Numerous women’s organizations announced that they would strike on Tuesday to protest recent cases of violence against women, including the murders of two girls aged 12 and 16 this week.
The organizations said that in the past day, thousands of women and men have joined the initiative, which they are calling the Red Flag coalition. In addition, demonstrations will take place in two different places on Friday.
The strike’s organizers demand that the government finally fund a program to prevent violence against women. Last year, the cabinet approved both the plan and its budget of 250 million shekels ($67 million), but as Haaretz reported last week, the money has never actually been disbursed.
“Over the last year, an inconceivable line has been crossed, with 24 women murdered just because they were women,” said Ruti Klein, one of the three organizers. “The women’s cries have been buried by the silence of the government, which refuses to take responsibility and change this situation. Time after time, it buries plans, ignores the victims and leaves half the population unsafe. We’re in an emergency. This is the moment. If we don’t wake up now, we never will.”
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“Murder is the endpoint of the fact that I’m harassed in the street, at work or at home,” she added. “It’s the tip of the iceberg of salary gaps, offensive remarks, objectification, funneling women into low-wage professions, women in prostitution and gender education in schools. It’s a result of the gender violence and discrimination that we all experience every day and everywhere.”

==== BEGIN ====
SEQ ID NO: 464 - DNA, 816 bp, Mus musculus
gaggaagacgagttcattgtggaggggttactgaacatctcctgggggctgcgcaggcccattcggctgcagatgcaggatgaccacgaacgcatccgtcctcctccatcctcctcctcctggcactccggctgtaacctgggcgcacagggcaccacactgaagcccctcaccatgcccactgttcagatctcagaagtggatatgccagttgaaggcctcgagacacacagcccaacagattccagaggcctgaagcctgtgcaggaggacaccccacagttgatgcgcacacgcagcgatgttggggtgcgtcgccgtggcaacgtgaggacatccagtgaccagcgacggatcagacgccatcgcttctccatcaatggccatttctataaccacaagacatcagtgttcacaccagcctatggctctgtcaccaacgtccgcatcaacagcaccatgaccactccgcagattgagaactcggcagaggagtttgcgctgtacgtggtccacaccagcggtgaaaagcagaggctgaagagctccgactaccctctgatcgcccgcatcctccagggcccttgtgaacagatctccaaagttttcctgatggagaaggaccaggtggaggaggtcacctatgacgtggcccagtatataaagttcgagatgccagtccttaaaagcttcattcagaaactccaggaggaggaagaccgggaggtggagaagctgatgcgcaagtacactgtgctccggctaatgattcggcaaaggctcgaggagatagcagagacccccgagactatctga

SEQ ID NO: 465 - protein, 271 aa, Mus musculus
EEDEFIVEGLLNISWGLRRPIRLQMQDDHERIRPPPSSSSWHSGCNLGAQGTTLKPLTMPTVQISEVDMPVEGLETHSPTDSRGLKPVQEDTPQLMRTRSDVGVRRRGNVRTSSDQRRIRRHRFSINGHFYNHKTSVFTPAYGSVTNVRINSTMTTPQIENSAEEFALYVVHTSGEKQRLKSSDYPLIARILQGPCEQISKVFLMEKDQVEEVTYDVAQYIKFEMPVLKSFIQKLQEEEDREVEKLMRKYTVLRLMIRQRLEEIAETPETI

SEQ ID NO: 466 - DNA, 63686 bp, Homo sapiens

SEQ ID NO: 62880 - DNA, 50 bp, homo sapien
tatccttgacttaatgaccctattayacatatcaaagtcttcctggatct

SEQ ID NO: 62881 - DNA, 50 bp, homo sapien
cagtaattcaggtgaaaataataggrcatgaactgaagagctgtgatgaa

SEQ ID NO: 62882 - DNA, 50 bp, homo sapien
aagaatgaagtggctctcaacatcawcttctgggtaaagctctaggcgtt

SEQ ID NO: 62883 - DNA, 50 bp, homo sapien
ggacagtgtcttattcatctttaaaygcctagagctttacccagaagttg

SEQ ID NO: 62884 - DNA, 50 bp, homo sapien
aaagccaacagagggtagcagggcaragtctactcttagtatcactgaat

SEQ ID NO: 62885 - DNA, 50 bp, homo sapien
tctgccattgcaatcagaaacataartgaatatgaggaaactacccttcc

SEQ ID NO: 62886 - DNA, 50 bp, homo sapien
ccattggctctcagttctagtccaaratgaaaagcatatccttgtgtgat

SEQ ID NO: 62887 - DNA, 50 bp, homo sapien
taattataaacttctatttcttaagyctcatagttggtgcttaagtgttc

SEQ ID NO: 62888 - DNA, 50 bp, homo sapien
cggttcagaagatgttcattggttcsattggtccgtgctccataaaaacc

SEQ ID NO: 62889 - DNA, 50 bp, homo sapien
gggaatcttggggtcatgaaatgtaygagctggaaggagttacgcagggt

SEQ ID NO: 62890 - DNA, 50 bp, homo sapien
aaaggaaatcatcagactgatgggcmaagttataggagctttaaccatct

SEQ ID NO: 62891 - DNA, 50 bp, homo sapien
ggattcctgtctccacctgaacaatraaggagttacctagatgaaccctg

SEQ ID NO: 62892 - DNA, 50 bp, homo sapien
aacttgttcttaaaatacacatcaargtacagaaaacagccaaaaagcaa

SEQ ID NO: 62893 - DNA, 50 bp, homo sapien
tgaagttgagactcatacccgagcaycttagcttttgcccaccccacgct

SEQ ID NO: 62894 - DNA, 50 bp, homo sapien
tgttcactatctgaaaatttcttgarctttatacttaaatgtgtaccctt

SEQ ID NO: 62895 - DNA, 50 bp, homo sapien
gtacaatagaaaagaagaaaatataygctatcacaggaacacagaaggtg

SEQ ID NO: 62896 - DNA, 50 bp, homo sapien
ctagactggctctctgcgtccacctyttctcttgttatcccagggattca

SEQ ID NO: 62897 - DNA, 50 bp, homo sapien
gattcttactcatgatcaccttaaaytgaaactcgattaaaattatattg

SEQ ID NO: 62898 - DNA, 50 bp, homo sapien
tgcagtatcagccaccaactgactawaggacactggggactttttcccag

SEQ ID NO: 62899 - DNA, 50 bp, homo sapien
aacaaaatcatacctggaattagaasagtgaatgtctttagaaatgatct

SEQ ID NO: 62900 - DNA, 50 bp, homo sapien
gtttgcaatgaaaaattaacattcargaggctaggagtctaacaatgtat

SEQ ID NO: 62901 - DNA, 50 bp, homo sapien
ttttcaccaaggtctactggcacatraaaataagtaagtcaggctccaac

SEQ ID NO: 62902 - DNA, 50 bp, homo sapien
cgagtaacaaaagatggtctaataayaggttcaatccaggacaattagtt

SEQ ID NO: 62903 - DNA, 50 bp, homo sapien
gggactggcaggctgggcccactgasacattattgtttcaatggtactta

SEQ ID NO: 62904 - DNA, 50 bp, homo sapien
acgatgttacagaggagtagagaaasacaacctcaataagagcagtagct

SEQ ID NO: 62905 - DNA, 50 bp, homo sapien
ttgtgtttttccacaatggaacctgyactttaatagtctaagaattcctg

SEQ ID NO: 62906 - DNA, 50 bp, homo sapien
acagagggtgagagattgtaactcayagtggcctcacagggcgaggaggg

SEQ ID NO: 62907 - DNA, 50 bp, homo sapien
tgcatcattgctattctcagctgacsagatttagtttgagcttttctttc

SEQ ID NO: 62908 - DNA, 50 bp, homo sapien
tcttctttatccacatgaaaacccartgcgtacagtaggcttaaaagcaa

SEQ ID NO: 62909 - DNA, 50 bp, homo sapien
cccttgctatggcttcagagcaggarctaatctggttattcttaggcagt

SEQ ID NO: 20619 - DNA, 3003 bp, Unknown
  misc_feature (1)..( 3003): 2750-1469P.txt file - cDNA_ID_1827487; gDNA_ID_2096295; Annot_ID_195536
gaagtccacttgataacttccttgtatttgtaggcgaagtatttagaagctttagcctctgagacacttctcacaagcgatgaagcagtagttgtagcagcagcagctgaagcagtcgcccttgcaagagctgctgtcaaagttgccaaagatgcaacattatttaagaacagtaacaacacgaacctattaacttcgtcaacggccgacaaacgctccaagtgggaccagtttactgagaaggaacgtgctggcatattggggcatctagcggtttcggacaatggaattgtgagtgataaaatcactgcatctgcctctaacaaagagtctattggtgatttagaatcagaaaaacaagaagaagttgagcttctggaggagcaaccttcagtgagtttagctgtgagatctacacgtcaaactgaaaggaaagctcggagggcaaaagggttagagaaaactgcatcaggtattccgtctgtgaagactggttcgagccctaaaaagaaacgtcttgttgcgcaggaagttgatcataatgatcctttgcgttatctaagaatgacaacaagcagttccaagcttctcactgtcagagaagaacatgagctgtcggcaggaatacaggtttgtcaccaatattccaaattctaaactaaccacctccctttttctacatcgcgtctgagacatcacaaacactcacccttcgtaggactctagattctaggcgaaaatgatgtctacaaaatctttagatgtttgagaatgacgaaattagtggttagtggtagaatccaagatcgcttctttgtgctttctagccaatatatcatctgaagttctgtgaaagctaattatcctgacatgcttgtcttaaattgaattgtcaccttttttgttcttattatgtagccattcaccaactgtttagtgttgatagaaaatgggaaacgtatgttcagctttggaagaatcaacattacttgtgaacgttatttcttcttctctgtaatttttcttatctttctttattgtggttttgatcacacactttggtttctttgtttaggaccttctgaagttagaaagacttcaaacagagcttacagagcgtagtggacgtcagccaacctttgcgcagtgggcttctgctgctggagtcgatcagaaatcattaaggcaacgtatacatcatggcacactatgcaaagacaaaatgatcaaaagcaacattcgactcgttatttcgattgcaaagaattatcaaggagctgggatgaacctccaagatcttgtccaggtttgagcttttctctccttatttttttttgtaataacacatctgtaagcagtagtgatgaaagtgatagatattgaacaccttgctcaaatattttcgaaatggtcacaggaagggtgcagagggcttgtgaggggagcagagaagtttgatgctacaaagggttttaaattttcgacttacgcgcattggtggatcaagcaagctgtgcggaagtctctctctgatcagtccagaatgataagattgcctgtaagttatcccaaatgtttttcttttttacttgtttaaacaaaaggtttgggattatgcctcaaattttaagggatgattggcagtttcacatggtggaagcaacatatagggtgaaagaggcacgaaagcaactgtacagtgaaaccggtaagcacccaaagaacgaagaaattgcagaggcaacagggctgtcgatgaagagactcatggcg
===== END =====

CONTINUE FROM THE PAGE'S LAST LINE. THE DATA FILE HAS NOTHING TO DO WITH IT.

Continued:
The first of Friday’s demonstrations will take place at 3:30 P.M. in the town of Iksal and is being sponsored by the town council. At 6 P.M., there will be a demonstration in Jaffa’s Clock Square, organized by three students from Jaffa.
The Red Flag coalition said it intends to fight until the government accepts its demands. In a statement, it noted that even though the murder of two girls – 16-year-old Yara Ayoub and 12-year-old Silvana Tsegai – “put the issue of violence against women at the top of the public agenda” this week, in this same week the government blocked a proposal to establish a parliamentary commission of inquiry into violence against women, and “the prime minister declared that he hadn’t realized how widespread this problem was.”
The coalition said its goals include “demanding answers from the police over dead-end investigations and the lack of indictments, its abandonment of women who complained and its sending them straight back to the people who hurt them, and its negligent handling of violent men.”
Naila Awwad, director of the Association of Women Against Violence, noted that women’s organizations have intensified their battle in recent years. “One front in this battle is society and its values, which oppress women,” she said. “Another significant front is the police and the law enforcement system, because their negligence and lack of professionalism in doing their jobs maintains women’s inferior status.
“We think that if the police receive a threat about national security, within seconds, all the roads are blocked. But when it’s a matter of women’s lives, it isn’t sufficiently interesting.
“The proportion of Arab women murdered is double their share of the population,” Awwad added. “Ten of the 24 women murdered this year were Arabs.”
Michal Gera Margaliot, managing director of the Israel Women’s Network, said, “Twenty-four women have been murdered since the start of the year. This is an emergency, and it’s time for the government to take us into account.”
She said the coalition wants abusers and murderers to be tried and sentenced, and for the government “to take urgent, resolute action to prevent the next murder. We want to put an end to the routine of there always being more urgent issues for the Knesset and the cabinet than women’s personal safety and gender equality. We’re half the population and we demand an equal place in the national order of priorities.”